It's really, really hard to give up on a ceramic piece you've worked
hard on, but I'm afraid that's what this student will have to do. In my
experience, it's just a lot easier to have the student begin again early
on than try to continually fix it. Flat pieces are prone to cracking as
they dry, especially if they're fairly large--think of a lake bed as it
dries. It could be the bottom was too thin, or the clay body just not
suitable for thin flat pieces. Sometimes students just stress the clay
too much by patting or stretching it (how was it carried from the slab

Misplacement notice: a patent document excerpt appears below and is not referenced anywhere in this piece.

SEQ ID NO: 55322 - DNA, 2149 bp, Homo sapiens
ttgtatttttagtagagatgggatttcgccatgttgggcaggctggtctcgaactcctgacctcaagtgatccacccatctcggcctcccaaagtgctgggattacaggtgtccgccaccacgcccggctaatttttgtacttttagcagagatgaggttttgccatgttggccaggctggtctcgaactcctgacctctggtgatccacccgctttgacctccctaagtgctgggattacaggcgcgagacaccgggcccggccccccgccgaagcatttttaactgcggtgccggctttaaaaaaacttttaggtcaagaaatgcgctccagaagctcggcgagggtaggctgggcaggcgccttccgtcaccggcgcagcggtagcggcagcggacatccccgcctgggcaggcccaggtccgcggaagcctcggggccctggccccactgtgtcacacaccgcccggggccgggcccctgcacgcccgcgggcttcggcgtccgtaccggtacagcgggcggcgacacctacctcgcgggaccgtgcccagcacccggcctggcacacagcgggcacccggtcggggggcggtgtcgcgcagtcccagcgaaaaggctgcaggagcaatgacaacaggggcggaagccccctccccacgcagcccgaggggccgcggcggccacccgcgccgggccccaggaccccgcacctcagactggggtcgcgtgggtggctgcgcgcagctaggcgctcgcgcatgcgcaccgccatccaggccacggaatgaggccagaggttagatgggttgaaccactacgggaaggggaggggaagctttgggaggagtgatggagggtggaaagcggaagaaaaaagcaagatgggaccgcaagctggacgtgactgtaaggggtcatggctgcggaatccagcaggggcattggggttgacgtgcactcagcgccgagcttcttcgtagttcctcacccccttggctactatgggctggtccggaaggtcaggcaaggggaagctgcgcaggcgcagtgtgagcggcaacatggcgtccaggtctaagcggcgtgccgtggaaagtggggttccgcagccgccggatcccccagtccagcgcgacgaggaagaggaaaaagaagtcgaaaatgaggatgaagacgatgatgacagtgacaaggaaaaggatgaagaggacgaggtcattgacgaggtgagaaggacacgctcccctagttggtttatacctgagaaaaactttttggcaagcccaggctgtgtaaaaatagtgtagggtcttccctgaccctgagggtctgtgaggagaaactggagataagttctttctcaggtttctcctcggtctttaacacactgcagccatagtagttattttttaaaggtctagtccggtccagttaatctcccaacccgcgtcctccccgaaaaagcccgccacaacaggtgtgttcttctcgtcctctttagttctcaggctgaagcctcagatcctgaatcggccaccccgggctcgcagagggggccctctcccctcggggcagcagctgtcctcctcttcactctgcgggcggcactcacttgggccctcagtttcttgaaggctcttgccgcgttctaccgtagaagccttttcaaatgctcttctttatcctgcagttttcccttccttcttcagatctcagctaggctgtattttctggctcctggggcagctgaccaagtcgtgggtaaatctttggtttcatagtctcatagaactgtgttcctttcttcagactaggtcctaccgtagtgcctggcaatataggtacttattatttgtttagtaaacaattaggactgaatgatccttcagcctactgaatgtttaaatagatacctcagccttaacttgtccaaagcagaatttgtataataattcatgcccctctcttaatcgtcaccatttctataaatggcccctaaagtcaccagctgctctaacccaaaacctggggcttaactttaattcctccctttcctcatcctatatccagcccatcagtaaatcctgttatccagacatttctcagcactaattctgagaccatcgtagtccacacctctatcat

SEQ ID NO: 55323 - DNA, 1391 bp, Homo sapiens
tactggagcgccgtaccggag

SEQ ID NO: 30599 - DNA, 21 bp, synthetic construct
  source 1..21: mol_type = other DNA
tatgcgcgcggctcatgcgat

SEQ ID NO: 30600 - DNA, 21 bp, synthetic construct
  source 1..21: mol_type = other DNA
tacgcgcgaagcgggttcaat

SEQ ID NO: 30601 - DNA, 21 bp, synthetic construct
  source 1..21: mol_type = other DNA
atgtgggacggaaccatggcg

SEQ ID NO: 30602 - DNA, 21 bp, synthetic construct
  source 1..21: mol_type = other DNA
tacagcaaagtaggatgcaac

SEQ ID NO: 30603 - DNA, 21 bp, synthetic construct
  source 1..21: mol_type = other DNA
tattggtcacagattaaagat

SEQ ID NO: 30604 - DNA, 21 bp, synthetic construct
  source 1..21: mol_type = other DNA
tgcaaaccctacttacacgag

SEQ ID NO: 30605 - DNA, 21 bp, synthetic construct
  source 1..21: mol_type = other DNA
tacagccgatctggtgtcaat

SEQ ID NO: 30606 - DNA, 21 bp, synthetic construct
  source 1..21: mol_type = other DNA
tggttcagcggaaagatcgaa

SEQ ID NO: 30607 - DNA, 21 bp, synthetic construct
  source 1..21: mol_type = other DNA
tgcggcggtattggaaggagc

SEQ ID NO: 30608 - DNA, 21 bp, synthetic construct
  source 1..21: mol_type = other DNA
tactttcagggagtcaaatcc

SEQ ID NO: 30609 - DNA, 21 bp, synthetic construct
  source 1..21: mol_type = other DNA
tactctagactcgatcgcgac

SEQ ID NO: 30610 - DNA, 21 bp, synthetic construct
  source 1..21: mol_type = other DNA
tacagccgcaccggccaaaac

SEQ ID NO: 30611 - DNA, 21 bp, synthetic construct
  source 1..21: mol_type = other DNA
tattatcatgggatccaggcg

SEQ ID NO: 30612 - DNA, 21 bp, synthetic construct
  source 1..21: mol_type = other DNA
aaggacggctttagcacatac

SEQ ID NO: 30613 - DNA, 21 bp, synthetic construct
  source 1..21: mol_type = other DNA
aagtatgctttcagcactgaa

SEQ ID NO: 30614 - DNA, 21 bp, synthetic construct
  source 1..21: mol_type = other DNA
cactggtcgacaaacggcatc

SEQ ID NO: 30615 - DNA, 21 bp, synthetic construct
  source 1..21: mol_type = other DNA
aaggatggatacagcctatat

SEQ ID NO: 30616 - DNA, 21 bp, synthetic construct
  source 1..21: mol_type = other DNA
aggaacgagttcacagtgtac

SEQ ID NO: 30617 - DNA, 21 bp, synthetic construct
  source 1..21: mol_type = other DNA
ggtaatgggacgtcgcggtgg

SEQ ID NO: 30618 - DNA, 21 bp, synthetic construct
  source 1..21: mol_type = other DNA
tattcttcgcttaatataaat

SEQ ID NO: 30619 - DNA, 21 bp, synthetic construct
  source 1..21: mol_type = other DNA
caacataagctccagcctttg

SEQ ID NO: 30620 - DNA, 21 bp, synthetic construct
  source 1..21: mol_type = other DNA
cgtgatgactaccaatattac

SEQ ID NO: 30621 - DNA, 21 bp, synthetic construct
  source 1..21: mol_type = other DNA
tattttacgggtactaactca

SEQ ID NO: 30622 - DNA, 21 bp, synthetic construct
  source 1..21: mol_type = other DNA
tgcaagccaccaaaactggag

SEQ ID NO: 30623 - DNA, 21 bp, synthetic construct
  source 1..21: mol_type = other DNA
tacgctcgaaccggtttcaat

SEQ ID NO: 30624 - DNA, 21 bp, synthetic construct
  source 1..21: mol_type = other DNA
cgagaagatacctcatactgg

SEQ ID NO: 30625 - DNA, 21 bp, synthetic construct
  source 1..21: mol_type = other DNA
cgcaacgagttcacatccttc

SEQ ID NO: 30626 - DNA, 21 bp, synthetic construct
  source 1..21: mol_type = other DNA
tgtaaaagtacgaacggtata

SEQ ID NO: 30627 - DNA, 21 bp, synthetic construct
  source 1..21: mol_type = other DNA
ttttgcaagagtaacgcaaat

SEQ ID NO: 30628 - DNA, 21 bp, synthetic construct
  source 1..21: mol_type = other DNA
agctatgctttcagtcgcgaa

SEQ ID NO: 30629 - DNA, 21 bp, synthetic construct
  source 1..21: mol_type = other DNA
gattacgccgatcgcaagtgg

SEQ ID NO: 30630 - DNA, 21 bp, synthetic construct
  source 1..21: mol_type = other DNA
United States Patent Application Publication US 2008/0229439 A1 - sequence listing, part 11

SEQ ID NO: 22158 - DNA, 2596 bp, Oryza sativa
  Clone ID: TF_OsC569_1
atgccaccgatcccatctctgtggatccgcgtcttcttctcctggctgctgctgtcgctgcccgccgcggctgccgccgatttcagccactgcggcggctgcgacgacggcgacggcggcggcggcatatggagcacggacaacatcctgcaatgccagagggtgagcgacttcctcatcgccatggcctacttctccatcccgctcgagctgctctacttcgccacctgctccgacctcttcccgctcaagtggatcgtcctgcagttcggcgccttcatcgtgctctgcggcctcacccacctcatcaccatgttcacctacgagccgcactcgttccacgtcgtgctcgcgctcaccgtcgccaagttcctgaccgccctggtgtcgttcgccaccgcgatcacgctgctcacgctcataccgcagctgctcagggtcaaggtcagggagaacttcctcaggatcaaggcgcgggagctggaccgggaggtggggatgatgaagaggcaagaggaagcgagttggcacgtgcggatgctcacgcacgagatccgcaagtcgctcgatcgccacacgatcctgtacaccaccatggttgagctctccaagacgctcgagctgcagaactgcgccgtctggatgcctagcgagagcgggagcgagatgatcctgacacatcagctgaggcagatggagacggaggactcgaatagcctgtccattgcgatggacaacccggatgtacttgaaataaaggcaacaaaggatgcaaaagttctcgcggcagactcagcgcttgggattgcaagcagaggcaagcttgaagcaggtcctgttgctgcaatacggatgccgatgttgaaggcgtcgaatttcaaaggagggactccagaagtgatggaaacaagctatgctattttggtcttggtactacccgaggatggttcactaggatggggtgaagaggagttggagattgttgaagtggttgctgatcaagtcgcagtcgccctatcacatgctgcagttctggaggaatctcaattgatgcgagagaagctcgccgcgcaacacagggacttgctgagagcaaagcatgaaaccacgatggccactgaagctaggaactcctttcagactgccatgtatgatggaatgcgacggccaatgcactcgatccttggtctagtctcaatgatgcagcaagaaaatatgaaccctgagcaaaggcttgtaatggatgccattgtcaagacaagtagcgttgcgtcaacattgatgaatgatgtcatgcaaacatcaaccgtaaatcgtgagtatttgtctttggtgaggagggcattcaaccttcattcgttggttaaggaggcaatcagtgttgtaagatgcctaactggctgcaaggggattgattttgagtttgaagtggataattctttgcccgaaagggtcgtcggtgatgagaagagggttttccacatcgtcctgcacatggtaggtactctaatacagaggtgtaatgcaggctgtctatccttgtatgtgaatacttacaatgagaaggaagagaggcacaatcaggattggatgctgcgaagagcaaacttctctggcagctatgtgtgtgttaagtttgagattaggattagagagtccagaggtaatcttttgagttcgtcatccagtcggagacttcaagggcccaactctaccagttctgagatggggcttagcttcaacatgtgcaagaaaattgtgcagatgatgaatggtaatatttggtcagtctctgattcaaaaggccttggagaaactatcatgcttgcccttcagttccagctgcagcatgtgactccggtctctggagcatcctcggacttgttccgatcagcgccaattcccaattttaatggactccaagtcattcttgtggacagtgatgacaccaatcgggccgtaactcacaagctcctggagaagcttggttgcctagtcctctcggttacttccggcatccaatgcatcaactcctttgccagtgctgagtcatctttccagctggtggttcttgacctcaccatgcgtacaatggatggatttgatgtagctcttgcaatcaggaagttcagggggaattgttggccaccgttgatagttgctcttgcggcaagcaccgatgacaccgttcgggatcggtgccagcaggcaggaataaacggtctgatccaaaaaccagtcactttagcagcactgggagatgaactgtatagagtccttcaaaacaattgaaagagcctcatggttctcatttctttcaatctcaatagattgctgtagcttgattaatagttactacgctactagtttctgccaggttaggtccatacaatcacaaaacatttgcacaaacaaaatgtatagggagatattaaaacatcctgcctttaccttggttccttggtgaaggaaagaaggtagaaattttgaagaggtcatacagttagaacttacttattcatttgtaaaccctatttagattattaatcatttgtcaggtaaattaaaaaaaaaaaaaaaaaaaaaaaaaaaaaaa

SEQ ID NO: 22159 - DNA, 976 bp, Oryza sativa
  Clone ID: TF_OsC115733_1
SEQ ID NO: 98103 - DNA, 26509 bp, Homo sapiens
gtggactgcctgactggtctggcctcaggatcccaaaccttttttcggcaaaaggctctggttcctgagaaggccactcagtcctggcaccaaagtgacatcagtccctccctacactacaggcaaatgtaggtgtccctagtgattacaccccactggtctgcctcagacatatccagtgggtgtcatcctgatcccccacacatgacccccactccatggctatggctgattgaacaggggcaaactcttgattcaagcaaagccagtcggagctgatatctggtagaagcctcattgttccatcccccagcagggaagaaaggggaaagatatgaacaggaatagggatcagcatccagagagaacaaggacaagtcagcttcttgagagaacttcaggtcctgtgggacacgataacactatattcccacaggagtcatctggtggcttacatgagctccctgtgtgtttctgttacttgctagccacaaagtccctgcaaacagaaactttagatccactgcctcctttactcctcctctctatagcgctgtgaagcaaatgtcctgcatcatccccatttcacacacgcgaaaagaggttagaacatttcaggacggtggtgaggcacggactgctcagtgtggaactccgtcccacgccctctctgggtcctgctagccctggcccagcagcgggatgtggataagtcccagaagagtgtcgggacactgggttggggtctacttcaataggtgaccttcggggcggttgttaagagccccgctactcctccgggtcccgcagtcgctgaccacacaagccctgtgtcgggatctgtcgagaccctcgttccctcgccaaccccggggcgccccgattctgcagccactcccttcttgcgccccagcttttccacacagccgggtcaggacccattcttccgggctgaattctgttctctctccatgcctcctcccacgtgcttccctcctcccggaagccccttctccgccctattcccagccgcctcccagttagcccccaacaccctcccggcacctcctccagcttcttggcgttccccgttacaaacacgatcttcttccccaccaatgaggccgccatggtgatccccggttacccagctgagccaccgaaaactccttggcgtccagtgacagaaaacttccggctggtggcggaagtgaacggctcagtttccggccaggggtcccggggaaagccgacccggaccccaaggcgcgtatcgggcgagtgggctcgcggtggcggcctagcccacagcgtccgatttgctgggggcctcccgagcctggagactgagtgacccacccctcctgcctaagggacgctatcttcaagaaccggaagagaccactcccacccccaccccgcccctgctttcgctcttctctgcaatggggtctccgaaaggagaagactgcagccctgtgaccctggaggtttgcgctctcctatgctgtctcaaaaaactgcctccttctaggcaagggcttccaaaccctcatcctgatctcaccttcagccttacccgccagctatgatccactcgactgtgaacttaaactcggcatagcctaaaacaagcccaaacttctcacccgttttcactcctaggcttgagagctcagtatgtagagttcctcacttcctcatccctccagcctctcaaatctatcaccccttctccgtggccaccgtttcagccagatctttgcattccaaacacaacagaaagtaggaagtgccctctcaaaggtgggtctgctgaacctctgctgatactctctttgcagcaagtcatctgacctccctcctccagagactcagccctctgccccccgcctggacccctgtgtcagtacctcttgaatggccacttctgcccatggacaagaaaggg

roller to the platter?). I hope someone else chimes in with a
miraculous solution, because I would tell the poor girl to begin again.
I feel her pain!
Ellen Burnside wrote:
> My HS ceramics class recently did a project based on Bernard Palissy's rustic platters. The students rolled out slabs of clay and then laid them in platters (picked up from the thrift store) to give them form. One student did a beautiful ocean scene on her platter. She used red clay for the actual platter and then added pieces cut out of white clay on top. The problem is, as the platter dried, the red clay started to crack. I originally told her to mend it with some soft clay. The platter cracked again. The next time we mended it with a vinegar slip. The platter continued to crack. The red clay we have does tend to be a bit more difficult to work with in general. Is there any way to save the platter at this point? Right now it's in a leatherhard state. Any advice on this matter would be greatly appreciated.